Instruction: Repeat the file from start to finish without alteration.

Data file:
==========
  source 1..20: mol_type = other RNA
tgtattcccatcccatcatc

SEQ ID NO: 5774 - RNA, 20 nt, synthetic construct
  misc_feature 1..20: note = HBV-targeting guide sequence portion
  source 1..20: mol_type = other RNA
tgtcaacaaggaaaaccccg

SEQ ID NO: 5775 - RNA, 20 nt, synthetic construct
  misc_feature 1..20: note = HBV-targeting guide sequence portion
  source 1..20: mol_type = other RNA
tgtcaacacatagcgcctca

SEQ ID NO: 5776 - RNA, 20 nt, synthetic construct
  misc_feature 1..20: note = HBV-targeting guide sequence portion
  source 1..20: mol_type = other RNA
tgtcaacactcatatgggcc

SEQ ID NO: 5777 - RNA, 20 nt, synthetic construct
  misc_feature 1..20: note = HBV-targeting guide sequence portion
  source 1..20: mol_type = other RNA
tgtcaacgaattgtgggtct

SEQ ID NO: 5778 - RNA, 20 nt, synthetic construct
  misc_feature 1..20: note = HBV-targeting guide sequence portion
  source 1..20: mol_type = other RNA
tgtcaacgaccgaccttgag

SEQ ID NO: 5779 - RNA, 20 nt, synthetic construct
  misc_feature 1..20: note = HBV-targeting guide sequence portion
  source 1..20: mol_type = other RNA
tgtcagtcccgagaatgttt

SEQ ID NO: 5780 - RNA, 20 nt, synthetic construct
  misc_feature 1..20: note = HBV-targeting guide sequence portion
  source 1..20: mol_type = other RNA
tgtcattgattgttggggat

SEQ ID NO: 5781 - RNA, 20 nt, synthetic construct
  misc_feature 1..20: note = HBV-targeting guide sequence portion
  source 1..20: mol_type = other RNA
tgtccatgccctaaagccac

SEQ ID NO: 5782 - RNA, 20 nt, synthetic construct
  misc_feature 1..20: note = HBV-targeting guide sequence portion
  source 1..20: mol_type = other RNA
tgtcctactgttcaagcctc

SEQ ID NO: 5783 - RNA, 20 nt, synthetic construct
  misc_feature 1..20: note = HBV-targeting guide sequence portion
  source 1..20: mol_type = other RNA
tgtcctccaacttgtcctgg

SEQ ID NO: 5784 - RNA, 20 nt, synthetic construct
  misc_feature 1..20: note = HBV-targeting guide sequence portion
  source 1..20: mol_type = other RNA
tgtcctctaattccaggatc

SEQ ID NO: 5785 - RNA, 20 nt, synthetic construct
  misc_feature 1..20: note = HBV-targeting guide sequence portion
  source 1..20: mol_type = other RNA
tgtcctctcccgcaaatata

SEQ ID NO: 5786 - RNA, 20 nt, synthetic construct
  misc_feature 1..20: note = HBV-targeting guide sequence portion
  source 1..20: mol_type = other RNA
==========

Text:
  source 1..20: mol_type = other RNA
tgtattcccatcccatcatc

SEQ ID NO: 5774 - RNA, 20 nt, synthetic construct
  misc_feature 1..20: note = HBV-targeting guide sequence portion
  source 1..20: mol_type = other RNA
tgtcaacaaggaaaaccccg

SEQ ID NO: 5775 - RNA, 20 nt, synthetic construct
  misc_feature 1..20: note = HBV-targeting guide sequence portion
  source 1..20: mol_type = other RNA
tgtcaacacatagcgcctca

SEQ ID NO: 5776 - RNA, 20 nt, synthetic construct
  misc_feature 1..20: note = HBV-targeting guide sequence portion
  source 1..20: mol_type = other RNA
tgtcaacactcatatgggcc

SEQ ID NO: 5777 - RNA, 20 nt, synthetic construct
  misc_feature 1..20: note = HBV-targeting guide sequence portion
  source 1..20: mol_type = other RNA
tgtcaacgaattgtgggtct

SEQ ID NO: 5778 - RNA, 20 nt, synthetic construct
  misc_feature 1..20: note = HBV-targeting guide sequence portion
  source 1..20: mol_type = other RNA
tgtcaacgaccgaccttgag

SEQ ID NO: 5779 - RNA, 20 nt, synthetic construct
  misc_feature 1..20: note = HBV-targeting guide sequence portion
  source 1..20: mol_type = other RNA
tgtcagtcccgagaatgttt

SEQ ID NO: 5780 - RNA, 20 nt, synthetic construct
  misc_feature 1..20: note = HBV-targeting guide sequence portion
  source 1..20: mol_type = other RNA
tgtcattgattgttggggat

SEQ ID NO: 5781 - RNA, 20 nt, synthetic construct
  misc_feature 1..20: note = HBV-targeting guide sequence portion
  source 1..20: mol_type = other RNA
tgtccatgccctaaagccac

SEQ ID NO: 5782 - RNA, 20 nt, synthetic construct
  misc_feature 1..20: note = HBV-targeting guide sequence portion
  source 1..20: mol_type = other RNA
tgtcctactgttcaagcctc

SEQ ID NO: 5783 - RNA, 20 nt, synthetic construct
  misc_feature 1..20: note = HBV-targeting guide sequence portion
  source 1..20: mol_type = other RNA
tgtcctccaacttgtcctgg

SEQ ID NO: 5784 - RNA, 20 nt, synthetic construct
  misc_feature 1..20: note = HBV-targeting guide sequence portion
  source 1..20: mol_type = other RNA
tgtcctctaattccaggatc

SEQ ID NO: 5785 - RNA, 20 nt, synthetic construct
  misc_feature 1..20: note = HBV-targeting guide sequence portion
  source 1..20: mol_type = other RNA
tgtcctctcccgcaaatata

SEQ ID NO: 5786 - RNA, 20 nt, synthetic construct
  misc_feature 1..20: note = HBV-targeting guide sequence portion
  source 1..20: mol_type = other RNA